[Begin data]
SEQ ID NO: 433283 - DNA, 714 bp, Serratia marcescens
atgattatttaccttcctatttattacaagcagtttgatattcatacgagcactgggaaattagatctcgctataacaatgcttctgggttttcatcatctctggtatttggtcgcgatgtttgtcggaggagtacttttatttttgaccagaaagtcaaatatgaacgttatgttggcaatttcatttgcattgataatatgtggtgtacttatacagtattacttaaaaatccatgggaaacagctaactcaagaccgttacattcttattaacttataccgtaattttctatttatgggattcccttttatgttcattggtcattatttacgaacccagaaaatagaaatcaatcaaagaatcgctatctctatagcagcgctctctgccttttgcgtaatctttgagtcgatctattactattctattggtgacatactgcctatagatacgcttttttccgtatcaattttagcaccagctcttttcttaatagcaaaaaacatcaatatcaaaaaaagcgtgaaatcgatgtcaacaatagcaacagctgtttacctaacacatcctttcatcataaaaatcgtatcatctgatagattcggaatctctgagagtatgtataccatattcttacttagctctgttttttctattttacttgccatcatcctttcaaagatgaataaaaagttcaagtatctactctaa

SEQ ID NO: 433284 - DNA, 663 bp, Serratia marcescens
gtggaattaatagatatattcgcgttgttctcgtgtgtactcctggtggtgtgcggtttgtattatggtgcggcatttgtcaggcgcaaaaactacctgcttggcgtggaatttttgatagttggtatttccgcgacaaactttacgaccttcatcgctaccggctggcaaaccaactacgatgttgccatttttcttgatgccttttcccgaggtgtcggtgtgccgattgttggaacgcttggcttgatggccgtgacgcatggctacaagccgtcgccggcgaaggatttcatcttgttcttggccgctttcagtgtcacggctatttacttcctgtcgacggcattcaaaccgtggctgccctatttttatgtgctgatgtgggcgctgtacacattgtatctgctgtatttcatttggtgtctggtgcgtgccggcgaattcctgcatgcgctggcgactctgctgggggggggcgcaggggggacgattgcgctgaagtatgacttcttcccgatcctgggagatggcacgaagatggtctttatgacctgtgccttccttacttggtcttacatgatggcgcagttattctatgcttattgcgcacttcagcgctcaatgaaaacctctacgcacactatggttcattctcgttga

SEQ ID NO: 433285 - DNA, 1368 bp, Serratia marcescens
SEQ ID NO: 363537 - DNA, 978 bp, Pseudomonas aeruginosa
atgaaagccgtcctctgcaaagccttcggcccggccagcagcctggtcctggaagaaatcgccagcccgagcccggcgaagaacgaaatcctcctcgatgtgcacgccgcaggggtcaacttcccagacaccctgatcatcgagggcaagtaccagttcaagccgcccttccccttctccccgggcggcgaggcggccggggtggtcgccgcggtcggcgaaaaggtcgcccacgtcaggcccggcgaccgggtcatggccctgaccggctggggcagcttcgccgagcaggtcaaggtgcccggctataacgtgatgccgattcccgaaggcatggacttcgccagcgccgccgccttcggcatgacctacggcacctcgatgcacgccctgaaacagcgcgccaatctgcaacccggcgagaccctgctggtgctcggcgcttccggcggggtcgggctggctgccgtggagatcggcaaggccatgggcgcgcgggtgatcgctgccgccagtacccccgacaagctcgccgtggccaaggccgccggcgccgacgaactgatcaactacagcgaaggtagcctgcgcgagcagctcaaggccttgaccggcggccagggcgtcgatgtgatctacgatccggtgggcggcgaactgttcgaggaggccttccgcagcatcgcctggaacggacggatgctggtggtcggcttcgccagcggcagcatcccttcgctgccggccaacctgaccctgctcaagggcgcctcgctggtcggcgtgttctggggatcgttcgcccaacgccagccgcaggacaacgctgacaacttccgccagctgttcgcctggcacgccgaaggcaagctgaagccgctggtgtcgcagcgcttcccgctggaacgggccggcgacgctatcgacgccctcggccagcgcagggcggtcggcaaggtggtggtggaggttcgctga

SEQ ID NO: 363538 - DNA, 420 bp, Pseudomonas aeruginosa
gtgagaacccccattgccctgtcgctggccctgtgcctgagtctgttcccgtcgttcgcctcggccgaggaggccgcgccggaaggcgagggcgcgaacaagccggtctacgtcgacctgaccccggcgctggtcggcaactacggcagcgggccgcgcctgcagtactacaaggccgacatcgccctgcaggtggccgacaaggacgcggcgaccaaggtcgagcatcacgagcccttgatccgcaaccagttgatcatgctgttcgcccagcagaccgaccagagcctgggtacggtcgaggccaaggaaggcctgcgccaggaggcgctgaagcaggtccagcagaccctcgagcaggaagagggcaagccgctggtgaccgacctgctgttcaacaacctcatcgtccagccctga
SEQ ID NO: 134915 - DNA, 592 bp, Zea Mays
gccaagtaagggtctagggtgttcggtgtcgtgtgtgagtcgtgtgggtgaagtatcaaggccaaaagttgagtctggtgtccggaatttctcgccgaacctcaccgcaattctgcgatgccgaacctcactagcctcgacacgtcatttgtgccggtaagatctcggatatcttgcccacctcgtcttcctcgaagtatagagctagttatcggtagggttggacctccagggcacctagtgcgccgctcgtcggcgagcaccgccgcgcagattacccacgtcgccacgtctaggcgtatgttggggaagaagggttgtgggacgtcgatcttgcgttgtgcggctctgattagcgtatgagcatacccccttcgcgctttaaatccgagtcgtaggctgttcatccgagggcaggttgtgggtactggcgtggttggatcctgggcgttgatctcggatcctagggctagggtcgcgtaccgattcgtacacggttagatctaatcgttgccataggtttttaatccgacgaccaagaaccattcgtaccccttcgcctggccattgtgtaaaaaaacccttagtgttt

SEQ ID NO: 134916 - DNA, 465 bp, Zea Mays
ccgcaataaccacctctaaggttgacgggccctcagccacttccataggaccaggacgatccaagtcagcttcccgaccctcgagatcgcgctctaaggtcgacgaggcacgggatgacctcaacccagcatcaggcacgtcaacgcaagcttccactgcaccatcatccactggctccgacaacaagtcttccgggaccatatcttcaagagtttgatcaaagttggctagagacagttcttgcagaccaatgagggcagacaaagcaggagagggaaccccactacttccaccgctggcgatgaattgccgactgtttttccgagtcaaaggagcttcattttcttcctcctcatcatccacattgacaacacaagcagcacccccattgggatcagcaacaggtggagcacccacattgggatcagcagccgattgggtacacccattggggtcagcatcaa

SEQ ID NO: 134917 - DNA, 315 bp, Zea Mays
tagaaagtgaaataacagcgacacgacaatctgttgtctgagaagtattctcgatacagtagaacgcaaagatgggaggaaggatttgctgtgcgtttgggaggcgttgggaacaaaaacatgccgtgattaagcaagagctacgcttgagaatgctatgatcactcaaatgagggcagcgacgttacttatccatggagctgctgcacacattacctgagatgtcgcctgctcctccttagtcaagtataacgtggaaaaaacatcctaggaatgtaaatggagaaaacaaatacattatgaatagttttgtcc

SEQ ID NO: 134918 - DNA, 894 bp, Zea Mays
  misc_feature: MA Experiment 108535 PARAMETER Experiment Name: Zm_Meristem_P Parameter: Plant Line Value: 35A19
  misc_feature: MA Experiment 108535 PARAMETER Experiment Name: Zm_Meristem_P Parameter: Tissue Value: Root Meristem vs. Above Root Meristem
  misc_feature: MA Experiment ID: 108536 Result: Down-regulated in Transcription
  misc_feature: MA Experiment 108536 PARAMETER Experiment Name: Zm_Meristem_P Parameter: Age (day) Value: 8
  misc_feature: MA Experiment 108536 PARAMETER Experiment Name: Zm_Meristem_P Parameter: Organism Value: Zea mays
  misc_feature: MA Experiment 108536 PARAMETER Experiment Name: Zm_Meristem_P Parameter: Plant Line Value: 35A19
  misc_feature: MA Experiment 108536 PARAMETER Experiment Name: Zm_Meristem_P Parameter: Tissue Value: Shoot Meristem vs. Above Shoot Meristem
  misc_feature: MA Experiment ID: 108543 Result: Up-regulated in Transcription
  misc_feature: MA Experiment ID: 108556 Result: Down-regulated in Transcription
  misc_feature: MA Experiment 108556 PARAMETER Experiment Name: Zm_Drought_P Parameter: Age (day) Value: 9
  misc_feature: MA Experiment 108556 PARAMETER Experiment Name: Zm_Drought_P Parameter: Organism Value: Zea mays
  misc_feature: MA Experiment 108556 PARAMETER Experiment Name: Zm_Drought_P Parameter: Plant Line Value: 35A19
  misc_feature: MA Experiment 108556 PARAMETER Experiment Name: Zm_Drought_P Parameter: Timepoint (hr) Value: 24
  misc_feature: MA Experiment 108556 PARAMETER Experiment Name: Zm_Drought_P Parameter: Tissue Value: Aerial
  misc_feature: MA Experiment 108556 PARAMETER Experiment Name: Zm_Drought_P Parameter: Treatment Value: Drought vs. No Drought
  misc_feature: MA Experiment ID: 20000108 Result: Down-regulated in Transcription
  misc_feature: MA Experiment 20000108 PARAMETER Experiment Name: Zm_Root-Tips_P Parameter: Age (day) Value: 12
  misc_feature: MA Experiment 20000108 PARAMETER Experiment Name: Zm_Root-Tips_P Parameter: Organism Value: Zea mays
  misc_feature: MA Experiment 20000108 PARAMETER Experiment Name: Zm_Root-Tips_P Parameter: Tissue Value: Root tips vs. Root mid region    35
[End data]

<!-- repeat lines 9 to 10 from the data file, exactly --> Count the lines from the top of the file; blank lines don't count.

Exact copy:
gtgagaacccccattgccctgtcgctggccctgtgcctgagtctgttcccgtcgttcgcctcggccgaggaggccgcgccggaaggcgagggcgcgaacaagccggtctacgtcgacctgaccccggcgctggtcggcaactacggcagcgggccgcgcctgcagtactacaaggccgacatcgccctgcaggtggccgacaaggacgcggcgaccaaggtcgagcatcacgagcccttgatccgcaaccagttgatcatgctgttcgcccagcagaccgaccagagcctgggtacggtcgaggccaaggaaggcctgcgccaggaggcgctgaagcaggtccagcagaccctcgagcaggaagagggcaagccgctggtgaccgacctgctgttcaacaacctcatcgtccagccctga
SEQ ID NO: 134915 - DNA, 592 bp, Zea Mays